(Part of why I think the two tickets are the same is that the at-initialization ticket is found by taking the after-training ticket and rewinding it to the beginning! So for them not to be the same, the training process would need to kill the first ticket and then build a new ticket on exactly the same spot!)
Hmmm, ok. Can you say more about why? Isn't the simplest explanation that the two tickets are the same?
I definitely agree that our timelines forecasts should take into account the three phenomena you mention, and I also agree that e.g. Ajeya's doesn't talk about this much. I disagree that the effect size of these phenomena is enough to get us to 50 years rather than, say, +5 years to whatever our opinion sans these phenomena was. I also disagree that overall Ajeya's model is an underestimate of timelines, because while indeed the phenomena you mention should cause us to shade timelines upward, there is a long list of other phenomena I could m... (read more)
Thanks for this post! I'll write a fuller response later, but for now I'll say: These arguments prove too much; you could apply them to pretty much any technology (e.g. self-driving cars, 3D printing, reusable rockets, smart phones, VR headsets...). There doesn't seem to be any justification for the 50-year number; it's not like you'd give the same number for those other techs, and you could have made exactly this argument about AI 40 years ago, which would lead to 10-year timelines now. You are just pointing out three reasons in f... (read more)
These arguments prove too much; you could apply them to pretty much any technology (e.g. self-driving cars, 3D printing, reusable rockets, smart phones, VR headsets...).
I suppose my argument has an implicit, "current forecasts are not taking these arguments into account." If people actually were taking my arguments into account, and still concluding that we should have short timelines, then this would make sense. But, I made these arguments because I haven't seen people talk about these considerations much. For example, I deliberately avoided the argument ... (read more)
Yeah, fair enough. I should amend the title of the question. Re: reinforcing the winning tickets: Isn't that implied? If it's not implied, would you not agree that it is happening? Plausibly, if there is a ticket at the beginning that does well at the task, and a ticket at the end that does well at the task, it's reasonable to think that it's the same ticket? Idk, I'm open to alternative suggestions now that you mention it...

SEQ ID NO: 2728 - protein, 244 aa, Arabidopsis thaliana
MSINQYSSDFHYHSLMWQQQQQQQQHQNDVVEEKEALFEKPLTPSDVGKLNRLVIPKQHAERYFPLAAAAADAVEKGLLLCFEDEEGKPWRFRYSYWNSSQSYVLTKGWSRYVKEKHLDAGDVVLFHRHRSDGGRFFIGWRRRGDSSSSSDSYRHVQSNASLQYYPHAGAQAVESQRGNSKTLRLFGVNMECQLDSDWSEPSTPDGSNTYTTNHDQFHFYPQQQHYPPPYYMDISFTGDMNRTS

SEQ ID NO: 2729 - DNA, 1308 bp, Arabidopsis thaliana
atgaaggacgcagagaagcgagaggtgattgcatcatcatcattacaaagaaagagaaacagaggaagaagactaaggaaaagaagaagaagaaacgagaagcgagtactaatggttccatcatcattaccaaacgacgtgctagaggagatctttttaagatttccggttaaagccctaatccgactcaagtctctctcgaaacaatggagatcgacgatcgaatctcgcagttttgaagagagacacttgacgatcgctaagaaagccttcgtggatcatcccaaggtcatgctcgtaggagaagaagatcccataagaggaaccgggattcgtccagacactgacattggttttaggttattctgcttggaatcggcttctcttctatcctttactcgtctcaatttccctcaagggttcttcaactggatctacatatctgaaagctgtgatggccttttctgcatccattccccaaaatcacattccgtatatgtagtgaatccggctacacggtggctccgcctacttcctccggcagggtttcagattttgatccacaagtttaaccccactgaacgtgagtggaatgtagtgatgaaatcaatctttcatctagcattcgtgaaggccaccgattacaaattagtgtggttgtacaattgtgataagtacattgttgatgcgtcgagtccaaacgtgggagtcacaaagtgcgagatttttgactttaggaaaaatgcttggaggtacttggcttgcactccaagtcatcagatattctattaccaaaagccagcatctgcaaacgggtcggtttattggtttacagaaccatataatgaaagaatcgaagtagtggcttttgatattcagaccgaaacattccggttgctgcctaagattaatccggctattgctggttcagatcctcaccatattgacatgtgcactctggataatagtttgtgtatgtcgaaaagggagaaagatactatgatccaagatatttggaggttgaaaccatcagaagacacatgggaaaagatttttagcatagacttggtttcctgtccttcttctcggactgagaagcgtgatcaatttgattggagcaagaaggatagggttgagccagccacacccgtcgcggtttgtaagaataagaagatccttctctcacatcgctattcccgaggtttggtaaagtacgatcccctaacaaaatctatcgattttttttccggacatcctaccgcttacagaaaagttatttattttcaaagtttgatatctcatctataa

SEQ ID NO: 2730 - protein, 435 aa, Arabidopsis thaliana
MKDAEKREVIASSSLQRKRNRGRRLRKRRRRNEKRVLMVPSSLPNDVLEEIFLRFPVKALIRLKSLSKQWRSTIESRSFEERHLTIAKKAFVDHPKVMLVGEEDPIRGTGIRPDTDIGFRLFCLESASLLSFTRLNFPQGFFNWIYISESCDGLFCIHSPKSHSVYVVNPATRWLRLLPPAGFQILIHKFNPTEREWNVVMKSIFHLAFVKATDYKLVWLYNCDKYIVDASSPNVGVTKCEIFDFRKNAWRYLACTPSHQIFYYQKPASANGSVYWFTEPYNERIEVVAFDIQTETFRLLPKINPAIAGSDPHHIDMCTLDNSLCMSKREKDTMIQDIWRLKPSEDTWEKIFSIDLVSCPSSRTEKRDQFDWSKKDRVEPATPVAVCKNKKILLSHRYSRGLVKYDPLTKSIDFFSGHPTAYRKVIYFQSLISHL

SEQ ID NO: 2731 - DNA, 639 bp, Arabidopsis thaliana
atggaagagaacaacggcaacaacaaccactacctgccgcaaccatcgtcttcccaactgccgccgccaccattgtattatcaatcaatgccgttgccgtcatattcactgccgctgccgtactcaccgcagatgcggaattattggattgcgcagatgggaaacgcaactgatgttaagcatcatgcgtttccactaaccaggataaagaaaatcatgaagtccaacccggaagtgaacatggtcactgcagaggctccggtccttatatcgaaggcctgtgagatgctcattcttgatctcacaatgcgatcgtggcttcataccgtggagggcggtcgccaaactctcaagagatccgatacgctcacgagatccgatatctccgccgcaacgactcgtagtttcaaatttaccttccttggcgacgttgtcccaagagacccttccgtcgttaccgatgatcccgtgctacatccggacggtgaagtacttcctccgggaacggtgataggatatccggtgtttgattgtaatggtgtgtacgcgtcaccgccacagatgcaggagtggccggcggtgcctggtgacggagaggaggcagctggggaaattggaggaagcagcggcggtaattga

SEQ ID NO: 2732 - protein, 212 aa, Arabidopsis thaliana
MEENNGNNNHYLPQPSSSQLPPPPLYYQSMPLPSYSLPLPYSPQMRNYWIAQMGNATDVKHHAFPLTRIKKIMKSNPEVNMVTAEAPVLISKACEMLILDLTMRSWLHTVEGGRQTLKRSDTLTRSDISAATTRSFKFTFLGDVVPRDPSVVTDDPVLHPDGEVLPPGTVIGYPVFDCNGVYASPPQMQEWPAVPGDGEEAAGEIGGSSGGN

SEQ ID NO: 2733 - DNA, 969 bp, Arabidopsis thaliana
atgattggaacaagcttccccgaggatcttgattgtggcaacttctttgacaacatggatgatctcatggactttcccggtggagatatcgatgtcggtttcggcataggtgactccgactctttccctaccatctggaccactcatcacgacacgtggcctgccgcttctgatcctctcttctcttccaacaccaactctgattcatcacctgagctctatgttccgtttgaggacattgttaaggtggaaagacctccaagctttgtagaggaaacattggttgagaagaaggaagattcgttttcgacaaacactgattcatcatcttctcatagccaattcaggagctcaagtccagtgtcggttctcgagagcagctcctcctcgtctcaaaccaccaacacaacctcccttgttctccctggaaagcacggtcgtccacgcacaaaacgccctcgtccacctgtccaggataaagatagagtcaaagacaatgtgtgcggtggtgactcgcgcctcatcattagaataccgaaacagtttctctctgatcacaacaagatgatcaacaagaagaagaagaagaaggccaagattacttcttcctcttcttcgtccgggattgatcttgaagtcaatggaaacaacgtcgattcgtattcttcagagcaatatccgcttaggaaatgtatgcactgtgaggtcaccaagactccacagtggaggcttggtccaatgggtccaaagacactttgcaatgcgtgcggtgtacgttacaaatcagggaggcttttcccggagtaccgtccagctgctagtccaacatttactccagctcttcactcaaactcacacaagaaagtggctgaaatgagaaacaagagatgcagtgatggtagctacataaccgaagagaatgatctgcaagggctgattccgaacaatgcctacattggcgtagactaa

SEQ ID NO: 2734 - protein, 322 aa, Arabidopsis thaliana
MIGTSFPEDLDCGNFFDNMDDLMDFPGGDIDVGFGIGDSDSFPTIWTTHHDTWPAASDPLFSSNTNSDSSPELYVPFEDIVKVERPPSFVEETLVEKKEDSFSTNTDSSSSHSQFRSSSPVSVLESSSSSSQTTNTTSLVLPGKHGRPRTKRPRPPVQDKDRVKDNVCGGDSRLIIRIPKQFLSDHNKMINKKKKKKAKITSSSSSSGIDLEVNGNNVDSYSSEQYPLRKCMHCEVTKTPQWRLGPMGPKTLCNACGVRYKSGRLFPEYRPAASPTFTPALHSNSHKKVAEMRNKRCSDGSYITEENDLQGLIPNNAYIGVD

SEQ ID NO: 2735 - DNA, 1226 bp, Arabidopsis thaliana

The original paper doesn't demonstrate this but later papers do, or at least claim to. Here are several papers with quotes:
https://arxiv.org/abs/2103.09377 "In this paper, we propose (and prove) a stronger Multi-Prize Lottery Ticket Hypothesis:A sufficiently over-parameterized neural network with random weights contains several subnetworks (winning tickets) that (a) have comparable accuracy to a dense target network with learned weights (prize 1), (b) do not require any further training to achieve prize 1 (prize 2), and (c) is robust to extreme ... (read more)
Update: It seems that GPT-3 can actually do quite well (maybe SOTA? Human-level-ish it seems) at SuperGLUE with the right prompt (which I suppose you can say is a kind of fine-tuning, but it's importantly different from what everyone meant by fine-tuning at the time this article was written!) What do you think of this?
This is also a reply to your passage in the OP:
The transformer was such an advance that it made the community create a new benchmark, “SuperGLUE,” because the previous gold standard benchmark (GLUE) was now too easy.
Thanks! I'm afraid I don't understand the math yet but I'll keep trying. In the meantime:
I doubt that today’s neural networks already contain dog-recognizing subcircuits at initialization. Modern neural networks are big, but not that big.
Can you say more about why? It's not obvious to me that they are not big enough. Would you agree they probably contain edge detectors, circle detectors, etc. at initialization? Also, it seems that some subnetworks/tickets are already decent at the task at initialization, see e.g. this paper. Is that not "dog-recognizing subcircuits at initialization?" Or something similar?
It is irrelevant to this post, because this post is about what our probability distribution over orders of magnitude of compute should be like. Once we have said distribution, then we can ask: How quickly (in clock time) will we progress through the distribution / explore more OOMs of compute? Then the AI and compute trend, and the update to it, become relevant.
But not super relevant IMO. The AI and Compute trend was way too fast to be sustained, people at the time even said so. This recent halt in the trend is not surprising. What matters is what the tren... (read more)
What Gwern said. :) But I don't know for sure what the person I talked to had in mind.